Throughout The Written World, Puchner’s delightful narrative also chronicles the inventions—writing technologies, the printing press, the book itself—that have shaped religion, politics, commerce, people, and history. In a book that Elaine Scarry has praised as “unique and spellbinding,” Puchner shows how literature turned our planet into a written world.

Title: The Written World
Subtitle: The Power of Stories to Shape People, History, Civilization
Author: Martin Puchner
Publisher: Random House
Format Hardcover, $32.00
ISBN-10 0812998936
ISBN-13 9780812998931
Publication Date: 24 October 2017
Nb of pages 448 p.

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Alberto Manguel: Packing My Library. An Elegy and Ten Digressions

A wonderfully digressive little volume about our complex relationship with our books and being an incurable bibliophile. The perfect antidote to Walter Benjamin’s classic essay, Unpacking My Library.

A best-selling author and world-renowned bibliophile meditates on his vast personal library and champions the vital role of all libraries.

In June 2015 Alberto Manguel prepared to leave his centuries-old village home in France’s Loire Valley and reestablish himself in a one-bedroom apartment on Manhattan’s Upper West Side. Packing up his enormous, 35,000‑volume personal library, choosing which books to keep, store, or cast out, Manguel found himself in deep reverie on the nature of relationships between books and readers, books and collectors, order and disorder, memory and reading. In this poignant and personal reevaluation of his life as a reader, the author illuminates the highly personal art of reading and affirms the vital role of public libraries.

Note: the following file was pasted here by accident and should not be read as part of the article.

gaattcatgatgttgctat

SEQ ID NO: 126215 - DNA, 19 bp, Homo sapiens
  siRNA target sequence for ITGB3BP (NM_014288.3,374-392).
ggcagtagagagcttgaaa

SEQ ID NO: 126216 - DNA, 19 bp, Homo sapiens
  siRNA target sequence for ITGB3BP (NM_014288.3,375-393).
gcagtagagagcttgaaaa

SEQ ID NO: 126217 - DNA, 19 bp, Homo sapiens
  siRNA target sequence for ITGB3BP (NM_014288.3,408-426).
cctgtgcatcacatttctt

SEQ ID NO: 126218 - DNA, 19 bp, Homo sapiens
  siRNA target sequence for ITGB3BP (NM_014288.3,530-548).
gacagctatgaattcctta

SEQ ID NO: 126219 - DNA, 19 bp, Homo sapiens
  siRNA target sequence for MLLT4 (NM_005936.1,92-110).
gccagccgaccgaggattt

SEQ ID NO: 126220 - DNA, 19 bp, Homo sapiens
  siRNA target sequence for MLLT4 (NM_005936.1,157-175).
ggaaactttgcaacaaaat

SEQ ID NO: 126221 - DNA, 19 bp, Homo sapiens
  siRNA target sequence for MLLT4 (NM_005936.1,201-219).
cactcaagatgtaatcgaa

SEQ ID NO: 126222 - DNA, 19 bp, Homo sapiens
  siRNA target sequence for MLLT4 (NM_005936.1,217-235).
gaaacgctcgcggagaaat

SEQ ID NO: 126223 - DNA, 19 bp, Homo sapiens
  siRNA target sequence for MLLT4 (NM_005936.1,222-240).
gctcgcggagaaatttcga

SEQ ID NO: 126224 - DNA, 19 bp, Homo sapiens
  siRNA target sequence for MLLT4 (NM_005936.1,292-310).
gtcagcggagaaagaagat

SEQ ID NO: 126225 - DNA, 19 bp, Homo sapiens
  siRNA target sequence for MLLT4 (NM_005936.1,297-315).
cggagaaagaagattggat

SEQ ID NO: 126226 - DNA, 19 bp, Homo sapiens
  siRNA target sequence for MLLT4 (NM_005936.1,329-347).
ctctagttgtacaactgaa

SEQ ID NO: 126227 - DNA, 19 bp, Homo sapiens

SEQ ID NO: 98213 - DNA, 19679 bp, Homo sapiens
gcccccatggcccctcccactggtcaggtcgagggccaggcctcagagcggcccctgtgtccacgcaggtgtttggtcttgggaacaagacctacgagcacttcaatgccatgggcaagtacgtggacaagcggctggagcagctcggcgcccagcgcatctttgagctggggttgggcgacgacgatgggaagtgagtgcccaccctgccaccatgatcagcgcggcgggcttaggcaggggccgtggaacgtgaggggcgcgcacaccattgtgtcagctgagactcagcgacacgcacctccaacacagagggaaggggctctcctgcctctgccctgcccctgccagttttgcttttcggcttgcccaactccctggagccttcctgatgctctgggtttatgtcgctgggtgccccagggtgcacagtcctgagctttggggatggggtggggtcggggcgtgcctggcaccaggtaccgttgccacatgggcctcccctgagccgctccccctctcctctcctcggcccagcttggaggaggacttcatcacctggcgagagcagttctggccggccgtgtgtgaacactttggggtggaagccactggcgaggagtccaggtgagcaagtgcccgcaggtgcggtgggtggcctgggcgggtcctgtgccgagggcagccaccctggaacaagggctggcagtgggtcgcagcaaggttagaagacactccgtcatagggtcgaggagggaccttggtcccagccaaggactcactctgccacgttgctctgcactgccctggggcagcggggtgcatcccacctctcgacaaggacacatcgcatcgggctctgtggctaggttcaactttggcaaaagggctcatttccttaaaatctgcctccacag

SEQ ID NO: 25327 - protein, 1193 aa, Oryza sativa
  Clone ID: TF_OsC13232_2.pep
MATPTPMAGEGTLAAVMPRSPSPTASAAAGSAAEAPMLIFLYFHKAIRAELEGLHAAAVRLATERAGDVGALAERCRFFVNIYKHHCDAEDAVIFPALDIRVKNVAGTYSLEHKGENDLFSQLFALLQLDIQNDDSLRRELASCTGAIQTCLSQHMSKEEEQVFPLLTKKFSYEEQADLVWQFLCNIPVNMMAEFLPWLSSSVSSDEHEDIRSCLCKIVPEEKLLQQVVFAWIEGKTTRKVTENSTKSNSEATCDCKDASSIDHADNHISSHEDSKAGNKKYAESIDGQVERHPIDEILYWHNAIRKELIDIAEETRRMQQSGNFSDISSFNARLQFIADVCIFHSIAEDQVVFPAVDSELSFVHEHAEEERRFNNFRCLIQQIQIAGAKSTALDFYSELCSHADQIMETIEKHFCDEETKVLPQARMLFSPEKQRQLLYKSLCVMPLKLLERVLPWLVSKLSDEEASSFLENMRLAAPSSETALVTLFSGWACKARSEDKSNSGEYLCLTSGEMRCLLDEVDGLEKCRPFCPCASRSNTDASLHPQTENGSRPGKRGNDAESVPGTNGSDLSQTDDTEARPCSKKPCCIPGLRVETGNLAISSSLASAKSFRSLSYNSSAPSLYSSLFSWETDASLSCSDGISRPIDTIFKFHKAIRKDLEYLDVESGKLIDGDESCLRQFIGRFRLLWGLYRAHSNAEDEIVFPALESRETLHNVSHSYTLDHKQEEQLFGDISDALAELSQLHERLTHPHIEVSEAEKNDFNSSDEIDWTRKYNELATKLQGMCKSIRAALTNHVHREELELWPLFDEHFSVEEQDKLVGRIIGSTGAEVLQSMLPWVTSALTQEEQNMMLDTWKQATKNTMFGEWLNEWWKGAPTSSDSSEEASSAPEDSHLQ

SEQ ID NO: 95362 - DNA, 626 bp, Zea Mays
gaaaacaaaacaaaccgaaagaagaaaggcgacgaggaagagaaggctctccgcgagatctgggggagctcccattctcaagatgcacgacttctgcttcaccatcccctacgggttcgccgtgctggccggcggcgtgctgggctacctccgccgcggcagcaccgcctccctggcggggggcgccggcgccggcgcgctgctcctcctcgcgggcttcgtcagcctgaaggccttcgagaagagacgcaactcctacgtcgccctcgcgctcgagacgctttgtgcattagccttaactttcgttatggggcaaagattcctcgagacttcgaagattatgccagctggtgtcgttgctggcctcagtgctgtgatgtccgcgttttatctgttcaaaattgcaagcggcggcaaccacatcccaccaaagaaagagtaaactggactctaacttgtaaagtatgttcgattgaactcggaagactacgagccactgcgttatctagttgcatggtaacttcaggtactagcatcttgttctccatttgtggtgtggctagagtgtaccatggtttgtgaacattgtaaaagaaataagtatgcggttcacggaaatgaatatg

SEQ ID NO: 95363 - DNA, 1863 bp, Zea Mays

Manguel’s musings range widely, from delightful reflections on the idiosyncrasies of book lovers to deeper analyses of historic and catastrophic book events, including the burning of ancient Alexandria’s library and contemporary library lootings at the hands of ISIS. With insight and passion, the author underscores the universal centrality of books and their unique importance to a democratic, civilized, and engaged society.

Alberto Manguel is a writer, translator, editor, and critic, but would rather define himself as a reader and a lover of books. Born in Buenos Aires, he has since resided in Israel, Argentina, Europe, the South Pacific, and Canada. He is now the director of the National Library of Argentina.

Title: Packing My Library
Subtitle: An Elegy and Ten Digressions
Author: Alberto Manguel
Publisher: Yale University Press
Title First Published: 20 March 2018
Format: Hardcover
ISBN-10 0300219334
ISBN-13 9780300219333
Nb of pages 160 p.
Hardcover – $23.00